Joe Crane '53. Photo by Todd Hido.

This story was originally published in the Autumn 2008 edition of Saint Mary's magazine.

As intramural commissioner in the early 1950s, Joe Crane ’53 was a jack-of-all-trades. He drew up schedules, subbed in for injured players and even called balls and strikes when visiting teams came to campus for exhibition games. He took his umpiring responsibilities seriously and wouldn’t think of giving the Gaels an unfair home-field advantage.

“I did it honestly and ethically,” he recalls. “One time, my roommate Al Ancich (’53) slid into home plate, and I called him out. I thought he was going to kill me.”

It should be no surprise, then, that the trustworthy Crane has enjoyed a distinguished 55-year career in banking. He has spent the last three decades as a financial and civic leader in Stockton, including the last three years as senior vice president with Farmers & Merchants Bank.

Crane says running the Saint Mary’s intramural program was excellent training for customer service and branch management. He saved enough money in the intramural budget to throw an end-of-the-year banquet for athletes at the Sea Wolf Restaurant in Oakland’s Jack London Square. It was a memorable night out for Gaels, who were usually lucky to afford an occasional hamburger and beer at Casa Orinda.

“It was a great learning experience,” he says. “At the time, intramurals was the largest student organization on campus. Boy, it was a lot of work.”

Intramural sports not only helped preserve Saint Mary’s school spirit during the lean Korean War years, when enrollment dropped so steeply that the College canceled some intercollegiate sports programs. They also helped Crane pay for his education when unexpected financial complications almost kept him from staying at Saint Mary’s.

After his parents divorced in 1951, Crane told the formidable Brother President Thomas Levi, his former principal at Christian Brothers High in Sacramento, that he would have to finish his final two years at Sacramento State. The president said the Brothers would find a way for him to stay, and they did, through a combination of scholarship funds and money Crane earned from the intramural program.

“I am where I am today because of Brother Thomas’ generosity,” Crane insists.

Crane has never taken the debt lightly. In gratitude to the Brothers, he has embraced every opportunity to support the College, including as president of the Alumni Association and the Board of Regents.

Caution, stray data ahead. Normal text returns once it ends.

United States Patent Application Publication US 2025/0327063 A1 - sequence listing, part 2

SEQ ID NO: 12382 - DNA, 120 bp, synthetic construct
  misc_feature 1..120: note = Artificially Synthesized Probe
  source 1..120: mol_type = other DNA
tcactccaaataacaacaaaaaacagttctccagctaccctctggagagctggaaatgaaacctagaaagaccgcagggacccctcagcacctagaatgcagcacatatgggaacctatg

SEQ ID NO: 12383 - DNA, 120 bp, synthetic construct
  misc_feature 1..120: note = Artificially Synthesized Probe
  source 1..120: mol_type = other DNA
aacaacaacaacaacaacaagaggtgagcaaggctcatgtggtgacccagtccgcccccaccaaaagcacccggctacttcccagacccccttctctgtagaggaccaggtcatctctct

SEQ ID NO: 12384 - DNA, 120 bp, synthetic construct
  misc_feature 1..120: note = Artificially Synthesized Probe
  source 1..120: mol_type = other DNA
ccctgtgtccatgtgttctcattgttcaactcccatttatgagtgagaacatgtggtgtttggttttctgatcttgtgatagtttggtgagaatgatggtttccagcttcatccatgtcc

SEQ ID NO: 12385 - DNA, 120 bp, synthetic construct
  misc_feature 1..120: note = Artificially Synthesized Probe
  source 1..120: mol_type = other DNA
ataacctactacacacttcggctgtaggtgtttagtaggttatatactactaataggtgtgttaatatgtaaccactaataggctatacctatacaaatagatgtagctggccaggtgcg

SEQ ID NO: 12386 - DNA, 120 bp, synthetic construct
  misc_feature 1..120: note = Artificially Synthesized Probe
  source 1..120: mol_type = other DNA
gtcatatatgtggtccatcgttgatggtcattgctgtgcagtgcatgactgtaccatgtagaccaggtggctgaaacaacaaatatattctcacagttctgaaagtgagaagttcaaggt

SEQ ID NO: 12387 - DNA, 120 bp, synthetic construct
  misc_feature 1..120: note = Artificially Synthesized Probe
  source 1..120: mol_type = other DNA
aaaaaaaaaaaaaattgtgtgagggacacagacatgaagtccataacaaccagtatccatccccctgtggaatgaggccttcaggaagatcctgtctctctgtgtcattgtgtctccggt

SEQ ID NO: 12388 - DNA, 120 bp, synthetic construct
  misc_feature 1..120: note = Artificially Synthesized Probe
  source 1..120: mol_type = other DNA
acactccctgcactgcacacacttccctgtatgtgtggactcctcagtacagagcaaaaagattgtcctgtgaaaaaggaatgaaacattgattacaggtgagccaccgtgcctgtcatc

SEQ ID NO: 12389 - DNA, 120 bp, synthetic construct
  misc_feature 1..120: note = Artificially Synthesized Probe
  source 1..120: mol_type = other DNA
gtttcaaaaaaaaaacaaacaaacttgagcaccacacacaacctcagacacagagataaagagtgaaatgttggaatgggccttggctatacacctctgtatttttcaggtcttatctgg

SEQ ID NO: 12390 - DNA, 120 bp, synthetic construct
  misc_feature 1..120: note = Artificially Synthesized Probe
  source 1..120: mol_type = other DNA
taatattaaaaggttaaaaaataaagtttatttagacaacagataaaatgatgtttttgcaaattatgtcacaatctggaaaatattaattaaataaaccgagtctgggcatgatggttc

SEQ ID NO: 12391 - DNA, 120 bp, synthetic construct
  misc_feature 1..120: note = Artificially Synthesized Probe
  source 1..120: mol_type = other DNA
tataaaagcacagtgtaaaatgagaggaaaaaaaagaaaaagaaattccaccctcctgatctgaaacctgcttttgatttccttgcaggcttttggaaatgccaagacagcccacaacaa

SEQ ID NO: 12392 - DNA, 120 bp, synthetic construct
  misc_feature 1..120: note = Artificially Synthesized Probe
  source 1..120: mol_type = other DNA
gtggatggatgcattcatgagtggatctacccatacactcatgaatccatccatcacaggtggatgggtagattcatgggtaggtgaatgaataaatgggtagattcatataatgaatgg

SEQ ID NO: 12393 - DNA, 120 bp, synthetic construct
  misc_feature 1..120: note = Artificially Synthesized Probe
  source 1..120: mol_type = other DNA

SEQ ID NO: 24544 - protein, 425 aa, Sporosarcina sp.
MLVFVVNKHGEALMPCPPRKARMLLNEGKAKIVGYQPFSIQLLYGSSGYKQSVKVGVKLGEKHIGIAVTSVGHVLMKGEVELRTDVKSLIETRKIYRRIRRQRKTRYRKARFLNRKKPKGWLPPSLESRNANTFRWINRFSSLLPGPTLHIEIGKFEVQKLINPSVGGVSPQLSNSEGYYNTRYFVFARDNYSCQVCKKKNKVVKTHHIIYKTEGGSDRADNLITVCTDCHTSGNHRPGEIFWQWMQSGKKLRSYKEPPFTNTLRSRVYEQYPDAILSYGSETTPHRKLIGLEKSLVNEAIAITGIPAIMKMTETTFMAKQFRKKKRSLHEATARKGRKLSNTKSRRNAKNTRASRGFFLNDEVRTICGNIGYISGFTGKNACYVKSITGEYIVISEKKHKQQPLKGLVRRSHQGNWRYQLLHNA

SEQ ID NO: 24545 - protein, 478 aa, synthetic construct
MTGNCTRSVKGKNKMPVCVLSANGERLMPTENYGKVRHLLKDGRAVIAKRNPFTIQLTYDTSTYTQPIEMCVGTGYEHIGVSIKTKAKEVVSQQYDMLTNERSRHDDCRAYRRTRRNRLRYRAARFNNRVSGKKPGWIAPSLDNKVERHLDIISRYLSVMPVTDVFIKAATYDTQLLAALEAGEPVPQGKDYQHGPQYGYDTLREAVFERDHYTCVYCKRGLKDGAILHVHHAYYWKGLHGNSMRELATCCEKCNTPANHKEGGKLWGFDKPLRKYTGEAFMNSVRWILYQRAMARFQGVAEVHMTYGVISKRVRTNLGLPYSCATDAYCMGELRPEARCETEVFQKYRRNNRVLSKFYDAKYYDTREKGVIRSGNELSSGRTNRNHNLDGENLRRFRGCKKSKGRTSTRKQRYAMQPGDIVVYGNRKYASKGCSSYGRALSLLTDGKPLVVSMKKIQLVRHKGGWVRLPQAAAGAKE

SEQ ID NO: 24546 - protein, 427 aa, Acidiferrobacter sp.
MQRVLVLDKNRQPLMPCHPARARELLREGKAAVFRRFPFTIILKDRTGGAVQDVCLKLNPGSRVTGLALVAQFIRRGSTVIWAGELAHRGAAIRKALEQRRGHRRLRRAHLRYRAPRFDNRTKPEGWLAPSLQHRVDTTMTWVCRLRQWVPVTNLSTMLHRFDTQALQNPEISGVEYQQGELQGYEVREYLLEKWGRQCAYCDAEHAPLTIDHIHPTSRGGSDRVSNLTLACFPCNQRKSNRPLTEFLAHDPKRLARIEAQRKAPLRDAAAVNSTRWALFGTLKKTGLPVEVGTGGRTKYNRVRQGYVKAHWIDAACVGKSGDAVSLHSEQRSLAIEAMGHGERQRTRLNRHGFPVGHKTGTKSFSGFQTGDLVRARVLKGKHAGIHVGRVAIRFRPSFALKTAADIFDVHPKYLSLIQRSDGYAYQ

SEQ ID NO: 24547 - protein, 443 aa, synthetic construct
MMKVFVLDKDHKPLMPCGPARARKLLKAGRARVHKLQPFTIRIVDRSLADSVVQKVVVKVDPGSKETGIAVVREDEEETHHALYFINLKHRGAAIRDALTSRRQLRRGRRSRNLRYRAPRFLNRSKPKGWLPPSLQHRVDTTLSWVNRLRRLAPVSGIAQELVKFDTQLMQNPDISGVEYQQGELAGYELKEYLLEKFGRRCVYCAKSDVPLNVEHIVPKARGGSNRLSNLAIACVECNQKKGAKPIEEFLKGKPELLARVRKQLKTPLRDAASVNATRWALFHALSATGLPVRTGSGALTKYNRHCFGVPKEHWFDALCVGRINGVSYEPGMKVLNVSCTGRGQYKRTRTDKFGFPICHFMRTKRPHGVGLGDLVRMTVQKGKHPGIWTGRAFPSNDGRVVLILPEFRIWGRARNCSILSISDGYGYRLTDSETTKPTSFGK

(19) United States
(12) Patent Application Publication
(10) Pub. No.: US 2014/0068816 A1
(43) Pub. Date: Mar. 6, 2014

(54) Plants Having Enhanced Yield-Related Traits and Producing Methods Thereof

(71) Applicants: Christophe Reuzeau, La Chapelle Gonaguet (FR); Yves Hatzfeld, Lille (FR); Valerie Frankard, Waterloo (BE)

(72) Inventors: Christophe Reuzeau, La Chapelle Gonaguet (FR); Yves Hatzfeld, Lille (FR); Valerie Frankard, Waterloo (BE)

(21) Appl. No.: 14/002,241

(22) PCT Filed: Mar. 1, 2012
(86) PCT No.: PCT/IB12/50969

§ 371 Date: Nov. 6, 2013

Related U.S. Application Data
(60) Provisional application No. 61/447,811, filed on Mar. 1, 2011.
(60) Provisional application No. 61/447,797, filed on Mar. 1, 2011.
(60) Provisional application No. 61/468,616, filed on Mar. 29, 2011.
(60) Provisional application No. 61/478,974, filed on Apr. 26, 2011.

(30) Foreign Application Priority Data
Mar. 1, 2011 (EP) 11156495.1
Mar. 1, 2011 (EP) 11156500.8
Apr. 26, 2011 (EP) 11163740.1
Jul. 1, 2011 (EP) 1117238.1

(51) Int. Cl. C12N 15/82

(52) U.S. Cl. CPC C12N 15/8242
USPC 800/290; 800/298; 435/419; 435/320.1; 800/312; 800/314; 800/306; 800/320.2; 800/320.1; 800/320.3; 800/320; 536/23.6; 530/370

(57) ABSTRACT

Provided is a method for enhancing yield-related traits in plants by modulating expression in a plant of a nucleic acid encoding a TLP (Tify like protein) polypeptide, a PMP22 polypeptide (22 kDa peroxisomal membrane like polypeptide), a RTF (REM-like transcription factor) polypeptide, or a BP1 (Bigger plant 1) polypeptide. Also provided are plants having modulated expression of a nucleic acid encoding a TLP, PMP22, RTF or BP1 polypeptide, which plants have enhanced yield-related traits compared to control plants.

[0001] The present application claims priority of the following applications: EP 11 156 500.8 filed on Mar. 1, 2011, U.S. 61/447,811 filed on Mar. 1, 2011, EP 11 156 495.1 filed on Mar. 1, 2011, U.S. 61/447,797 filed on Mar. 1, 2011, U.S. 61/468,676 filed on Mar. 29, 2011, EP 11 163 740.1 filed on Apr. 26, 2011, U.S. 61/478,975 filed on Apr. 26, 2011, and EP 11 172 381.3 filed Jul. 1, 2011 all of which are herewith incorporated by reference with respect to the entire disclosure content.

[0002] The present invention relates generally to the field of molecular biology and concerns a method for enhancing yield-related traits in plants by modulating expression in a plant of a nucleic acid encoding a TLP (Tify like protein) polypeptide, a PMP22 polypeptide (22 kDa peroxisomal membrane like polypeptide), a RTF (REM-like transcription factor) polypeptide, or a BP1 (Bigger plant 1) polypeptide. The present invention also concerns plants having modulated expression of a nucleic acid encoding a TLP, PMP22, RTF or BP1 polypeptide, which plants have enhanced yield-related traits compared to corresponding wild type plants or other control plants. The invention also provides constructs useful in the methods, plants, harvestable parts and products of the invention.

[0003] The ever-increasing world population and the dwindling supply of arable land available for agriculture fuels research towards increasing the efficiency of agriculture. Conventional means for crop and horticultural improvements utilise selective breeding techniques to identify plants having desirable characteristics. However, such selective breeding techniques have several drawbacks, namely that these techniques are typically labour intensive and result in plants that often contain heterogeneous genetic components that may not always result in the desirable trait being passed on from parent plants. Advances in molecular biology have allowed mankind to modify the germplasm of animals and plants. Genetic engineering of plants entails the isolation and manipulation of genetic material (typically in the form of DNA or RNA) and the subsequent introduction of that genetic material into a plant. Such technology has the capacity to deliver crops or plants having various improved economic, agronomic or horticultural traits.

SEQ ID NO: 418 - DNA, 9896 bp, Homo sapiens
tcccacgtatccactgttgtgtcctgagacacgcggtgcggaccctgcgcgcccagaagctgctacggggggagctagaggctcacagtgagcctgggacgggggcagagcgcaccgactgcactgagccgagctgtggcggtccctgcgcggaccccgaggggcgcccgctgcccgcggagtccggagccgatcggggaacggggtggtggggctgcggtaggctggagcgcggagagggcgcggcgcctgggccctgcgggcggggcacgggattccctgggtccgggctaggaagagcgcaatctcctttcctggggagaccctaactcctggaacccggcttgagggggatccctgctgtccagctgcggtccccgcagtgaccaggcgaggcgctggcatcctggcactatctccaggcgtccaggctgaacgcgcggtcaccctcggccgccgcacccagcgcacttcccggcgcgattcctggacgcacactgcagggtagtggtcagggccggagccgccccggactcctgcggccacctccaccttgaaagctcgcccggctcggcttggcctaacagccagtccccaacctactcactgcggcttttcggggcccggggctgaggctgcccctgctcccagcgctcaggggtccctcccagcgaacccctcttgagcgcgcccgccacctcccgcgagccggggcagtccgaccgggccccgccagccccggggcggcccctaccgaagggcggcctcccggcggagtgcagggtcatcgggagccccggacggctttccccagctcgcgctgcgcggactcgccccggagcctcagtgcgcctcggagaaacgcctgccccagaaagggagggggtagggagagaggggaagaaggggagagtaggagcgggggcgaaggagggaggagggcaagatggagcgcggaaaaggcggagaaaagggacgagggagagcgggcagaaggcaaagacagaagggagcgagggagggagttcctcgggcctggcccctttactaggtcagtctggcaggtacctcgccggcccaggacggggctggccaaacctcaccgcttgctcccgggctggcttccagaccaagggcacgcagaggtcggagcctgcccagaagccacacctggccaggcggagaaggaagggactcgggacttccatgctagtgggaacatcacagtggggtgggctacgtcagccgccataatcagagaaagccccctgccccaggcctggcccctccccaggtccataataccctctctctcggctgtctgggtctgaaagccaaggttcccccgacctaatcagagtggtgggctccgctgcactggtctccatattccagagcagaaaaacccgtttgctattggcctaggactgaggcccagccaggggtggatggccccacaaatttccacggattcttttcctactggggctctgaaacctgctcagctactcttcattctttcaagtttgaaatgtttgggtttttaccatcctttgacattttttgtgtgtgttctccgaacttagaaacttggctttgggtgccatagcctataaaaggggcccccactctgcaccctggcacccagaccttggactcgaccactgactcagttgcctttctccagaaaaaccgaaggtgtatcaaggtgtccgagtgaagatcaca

He also helped establish a permanent link between his alma mater and the Central Valley by setting up an endowed scholarship for students from Saint Mary’s High School in Stockton. The late John Leykam, the College’s longtime public relations director and Crane’s friend, came up with the scholarship idea when Crane retired in 1996 as CEO and president of Union Safe Deposit Bank.

“Instead of having the bank give me a gold watch — since I already had a watch — John and I had them make the initial contribution to the scholarship fund,” Crane recalls.

Today, the C. Joseph Crane Endowed Scholarship fund stands at nearly $570,000. The interest on the fund currently allows top Saint Mary’s High students to receive $27,000 in annual scholarships at SMC. Crane says he hopes to grow the fund to $1 million.

“I feel so good about this,” Crane says. “As long as there’s a Saint Mary’s High School in Stockton, and as long as there’s a Saint Mary’s College, these kids will have a chance to go to college.”

Crane has also served as a roving goodwill ambassador for Saint Mary’s in Central California. Named “Stocktonian of the Year” in 2001, he has served in leadership positions with the United Way, the San Joaquin Business Council and St. Bernadette’s Parish. He also helped organize the Central Valley alumni chapter, bringing graduates together for an annual event with Brother President Ronald Gallagher.

“In addition to getting people hooked on Saint Mary’s, Joe is highly respected in Stockton,” says Brother Dominic Berardelli, special assistant to Brother Ronald. “People trust him, which is a wonderful reputation to have.”

More than five decades since graduating, Crane is grateful to be in a position to help the College that helped him when he scrimped and saved his way through his undergraduate days.

“I truly believe I owe everything I have to Saint Mary’s,” he says.

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